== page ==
OTC Asthma Inhaler to Return to Market After Seven YearsNovember 9, 2018
Posted 08 November 2018 | By Michael Mezher
In 2011, Primatene Mist and other asthma inhalers that used ozone-depleting chlorofluorocarbon (CFC) propellants were phased out to comply with the 1989 Montreal Protocol of Substances that Deplete the Ozone Layer and the 1990 Clean Air Act.
Since then, drugmakers have introduced prescription asthma inhalers that use the more environmentally-friendly hydrofluoroalkane (HFA) as a propellant. However, Amphastar has struggled to get a reformulated version of Primatene Mist using HFA on the market for OTC use.
In 2014, FDA rejected Amphastar’s first attempt to bring a reformulated version of Primatene Mist to market after its Nonprescription Drugs and Pulmonary-Allergy Drugs advisory committees voted against approving the inhaler.
Two years later, FDA rejected another application for Primatene Mist, this time requesting the company make labeling and packaging changes and conduct another human factors study to demonstrate patients’ ability to use the product without physician or pharmacist oversight.
In its decision to finally approve Primatene Mist for OTC use, FDA says it had to consider a “complicated set of issues,” including whether patients will understand how to use product correctly and how to ensure that patients with more severe forms of asthma do not rely on it.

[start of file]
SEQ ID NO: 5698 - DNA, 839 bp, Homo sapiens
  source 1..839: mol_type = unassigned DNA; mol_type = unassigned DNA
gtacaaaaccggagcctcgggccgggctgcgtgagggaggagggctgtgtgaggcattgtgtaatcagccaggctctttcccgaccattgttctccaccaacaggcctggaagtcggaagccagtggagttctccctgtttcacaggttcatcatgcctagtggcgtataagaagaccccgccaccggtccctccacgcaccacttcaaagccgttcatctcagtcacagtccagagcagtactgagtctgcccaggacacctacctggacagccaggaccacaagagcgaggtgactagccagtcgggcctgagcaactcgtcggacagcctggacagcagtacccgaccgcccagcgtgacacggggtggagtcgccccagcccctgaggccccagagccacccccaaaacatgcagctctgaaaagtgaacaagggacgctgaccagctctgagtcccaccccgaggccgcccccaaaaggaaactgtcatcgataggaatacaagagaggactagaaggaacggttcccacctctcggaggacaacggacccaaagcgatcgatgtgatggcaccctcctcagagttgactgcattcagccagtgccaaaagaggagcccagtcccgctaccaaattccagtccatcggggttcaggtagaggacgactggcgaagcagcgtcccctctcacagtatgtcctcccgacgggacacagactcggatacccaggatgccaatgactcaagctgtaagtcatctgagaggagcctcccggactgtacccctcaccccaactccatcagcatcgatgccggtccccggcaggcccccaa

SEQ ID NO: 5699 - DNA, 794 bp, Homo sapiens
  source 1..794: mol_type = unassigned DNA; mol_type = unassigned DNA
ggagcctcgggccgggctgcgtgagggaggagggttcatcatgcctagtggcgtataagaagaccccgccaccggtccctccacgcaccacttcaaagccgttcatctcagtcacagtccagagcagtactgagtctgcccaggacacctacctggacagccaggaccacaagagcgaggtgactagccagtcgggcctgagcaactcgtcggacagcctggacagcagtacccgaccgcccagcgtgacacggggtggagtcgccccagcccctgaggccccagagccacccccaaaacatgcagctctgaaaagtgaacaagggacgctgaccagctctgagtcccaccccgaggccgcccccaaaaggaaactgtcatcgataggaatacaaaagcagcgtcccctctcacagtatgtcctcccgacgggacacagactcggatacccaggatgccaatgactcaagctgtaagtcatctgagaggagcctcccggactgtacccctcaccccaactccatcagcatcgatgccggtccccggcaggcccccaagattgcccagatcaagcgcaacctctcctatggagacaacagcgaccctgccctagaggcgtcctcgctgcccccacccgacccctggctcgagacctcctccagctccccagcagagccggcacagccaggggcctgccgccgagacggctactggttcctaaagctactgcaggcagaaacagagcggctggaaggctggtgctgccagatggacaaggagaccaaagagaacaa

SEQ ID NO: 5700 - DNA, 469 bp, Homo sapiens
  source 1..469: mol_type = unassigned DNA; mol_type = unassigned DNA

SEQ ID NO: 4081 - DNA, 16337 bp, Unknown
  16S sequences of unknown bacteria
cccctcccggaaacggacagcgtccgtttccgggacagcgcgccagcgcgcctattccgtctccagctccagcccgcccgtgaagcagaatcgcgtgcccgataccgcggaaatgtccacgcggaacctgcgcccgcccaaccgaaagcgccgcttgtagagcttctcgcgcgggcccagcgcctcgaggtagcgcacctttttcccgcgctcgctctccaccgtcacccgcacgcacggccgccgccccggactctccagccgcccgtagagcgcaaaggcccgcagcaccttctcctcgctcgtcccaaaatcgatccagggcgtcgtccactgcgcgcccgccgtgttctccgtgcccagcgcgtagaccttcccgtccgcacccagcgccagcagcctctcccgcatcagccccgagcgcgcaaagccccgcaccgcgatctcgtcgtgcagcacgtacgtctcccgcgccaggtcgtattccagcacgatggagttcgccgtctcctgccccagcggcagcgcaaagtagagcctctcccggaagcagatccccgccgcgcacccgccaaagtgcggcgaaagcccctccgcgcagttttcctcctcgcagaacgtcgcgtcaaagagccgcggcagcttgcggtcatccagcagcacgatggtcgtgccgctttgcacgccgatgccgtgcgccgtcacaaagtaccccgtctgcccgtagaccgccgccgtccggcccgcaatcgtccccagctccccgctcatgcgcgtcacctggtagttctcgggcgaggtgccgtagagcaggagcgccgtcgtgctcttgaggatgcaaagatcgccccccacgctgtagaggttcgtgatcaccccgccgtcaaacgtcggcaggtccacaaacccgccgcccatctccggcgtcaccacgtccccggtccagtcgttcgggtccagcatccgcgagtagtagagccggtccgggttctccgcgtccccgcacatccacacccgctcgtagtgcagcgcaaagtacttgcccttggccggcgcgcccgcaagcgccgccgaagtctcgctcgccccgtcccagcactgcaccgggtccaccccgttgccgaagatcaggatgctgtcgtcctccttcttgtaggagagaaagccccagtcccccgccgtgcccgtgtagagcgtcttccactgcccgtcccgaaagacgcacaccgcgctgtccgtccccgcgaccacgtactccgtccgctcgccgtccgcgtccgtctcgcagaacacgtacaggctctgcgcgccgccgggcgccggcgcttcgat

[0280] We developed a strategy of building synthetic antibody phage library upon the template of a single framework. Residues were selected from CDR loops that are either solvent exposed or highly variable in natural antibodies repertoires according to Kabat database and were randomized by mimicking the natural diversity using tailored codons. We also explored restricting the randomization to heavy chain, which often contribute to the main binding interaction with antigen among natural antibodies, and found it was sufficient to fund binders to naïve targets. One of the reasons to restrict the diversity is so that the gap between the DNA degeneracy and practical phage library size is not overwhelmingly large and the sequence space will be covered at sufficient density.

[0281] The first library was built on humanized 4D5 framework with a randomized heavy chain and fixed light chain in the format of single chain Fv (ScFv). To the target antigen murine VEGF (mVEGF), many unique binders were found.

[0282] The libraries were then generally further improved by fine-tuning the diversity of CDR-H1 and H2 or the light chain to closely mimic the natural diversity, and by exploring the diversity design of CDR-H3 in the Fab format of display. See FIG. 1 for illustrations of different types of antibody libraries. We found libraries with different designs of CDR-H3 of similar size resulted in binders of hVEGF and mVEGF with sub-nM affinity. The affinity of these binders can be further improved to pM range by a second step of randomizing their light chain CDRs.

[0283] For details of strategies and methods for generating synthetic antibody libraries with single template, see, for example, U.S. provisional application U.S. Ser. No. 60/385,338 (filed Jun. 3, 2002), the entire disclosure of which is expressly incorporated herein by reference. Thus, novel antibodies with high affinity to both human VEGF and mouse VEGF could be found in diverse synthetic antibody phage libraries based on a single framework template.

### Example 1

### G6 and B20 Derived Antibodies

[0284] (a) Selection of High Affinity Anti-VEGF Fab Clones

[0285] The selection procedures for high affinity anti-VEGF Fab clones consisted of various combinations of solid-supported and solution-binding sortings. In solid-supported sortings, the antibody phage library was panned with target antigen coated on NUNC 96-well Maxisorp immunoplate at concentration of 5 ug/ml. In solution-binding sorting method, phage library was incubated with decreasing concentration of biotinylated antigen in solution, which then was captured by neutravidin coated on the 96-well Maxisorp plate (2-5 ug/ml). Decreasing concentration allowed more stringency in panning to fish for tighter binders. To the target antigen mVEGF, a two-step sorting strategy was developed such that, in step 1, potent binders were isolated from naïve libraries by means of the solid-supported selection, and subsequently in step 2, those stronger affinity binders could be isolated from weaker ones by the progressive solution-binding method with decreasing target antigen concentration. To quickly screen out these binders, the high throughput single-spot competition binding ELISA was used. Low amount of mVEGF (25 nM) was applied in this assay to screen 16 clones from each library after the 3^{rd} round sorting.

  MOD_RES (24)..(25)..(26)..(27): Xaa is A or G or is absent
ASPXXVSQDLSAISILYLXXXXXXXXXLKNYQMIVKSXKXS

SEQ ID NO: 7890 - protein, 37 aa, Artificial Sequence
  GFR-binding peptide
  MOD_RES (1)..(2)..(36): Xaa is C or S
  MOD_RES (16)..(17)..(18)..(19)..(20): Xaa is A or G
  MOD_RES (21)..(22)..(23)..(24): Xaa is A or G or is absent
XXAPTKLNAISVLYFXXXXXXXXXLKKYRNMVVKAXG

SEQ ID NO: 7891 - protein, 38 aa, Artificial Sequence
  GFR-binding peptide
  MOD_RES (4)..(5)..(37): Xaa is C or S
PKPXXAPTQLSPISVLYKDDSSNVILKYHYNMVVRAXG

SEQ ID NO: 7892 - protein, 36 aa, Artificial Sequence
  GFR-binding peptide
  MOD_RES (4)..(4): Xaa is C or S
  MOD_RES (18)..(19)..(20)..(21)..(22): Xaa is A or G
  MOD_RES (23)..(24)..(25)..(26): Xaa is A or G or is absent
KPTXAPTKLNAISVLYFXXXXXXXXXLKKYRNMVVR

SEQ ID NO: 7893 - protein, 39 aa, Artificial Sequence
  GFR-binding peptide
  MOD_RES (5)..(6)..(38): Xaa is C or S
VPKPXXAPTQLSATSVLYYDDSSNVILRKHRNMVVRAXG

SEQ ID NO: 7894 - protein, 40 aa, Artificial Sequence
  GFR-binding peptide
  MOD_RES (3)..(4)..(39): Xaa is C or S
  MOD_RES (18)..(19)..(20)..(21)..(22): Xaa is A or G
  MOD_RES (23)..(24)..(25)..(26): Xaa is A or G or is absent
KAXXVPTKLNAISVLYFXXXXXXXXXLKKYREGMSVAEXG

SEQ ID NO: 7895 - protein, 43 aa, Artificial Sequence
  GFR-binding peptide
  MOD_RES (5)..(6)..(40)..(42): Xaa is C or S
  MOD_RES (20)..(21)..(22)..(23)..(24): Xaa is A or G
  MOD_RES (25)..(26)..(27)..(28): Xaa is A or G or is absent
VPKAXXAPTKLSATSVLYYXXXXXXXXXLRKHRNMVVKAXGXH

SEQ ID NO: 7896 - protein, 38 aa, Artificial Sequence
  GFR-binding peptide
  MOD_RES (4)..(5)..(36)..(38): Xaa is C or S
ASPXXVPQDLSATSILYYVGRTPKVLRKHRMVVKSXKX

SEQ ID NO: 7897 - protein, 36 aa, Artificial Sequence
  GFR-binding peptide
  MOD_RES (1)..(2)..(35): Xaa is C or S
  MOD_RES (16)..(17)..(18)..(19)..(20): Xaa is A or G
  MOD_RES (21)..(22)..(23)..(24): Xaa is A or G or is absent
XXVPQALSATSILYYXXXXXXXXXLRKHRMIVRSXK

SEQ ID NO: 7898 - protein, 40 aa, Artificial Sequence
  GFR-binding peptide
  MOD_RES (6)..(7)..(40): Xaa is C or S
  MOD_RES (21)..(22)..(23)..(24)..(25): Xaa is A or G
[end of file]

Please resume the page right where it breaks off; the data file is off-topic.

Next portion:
As such, FDA has approved Primatene Mist “to provide temporary relief for symptoms of mild, intermittent asthma,” and only for patients ages 12 and older who have been diagnosed with asthma.
“For the right patient, our analysis of the data, including new information that was developed since the product was previously on the market, shows that there are no serious safety concerns when Primatene Mist is used as directed,” FDA Commissioner Scott Gottlieb and Center for Drug Evaluation and Research Director Janet Woodcock.
Statement, CDER Conversations, Label
Categories: Regulatory News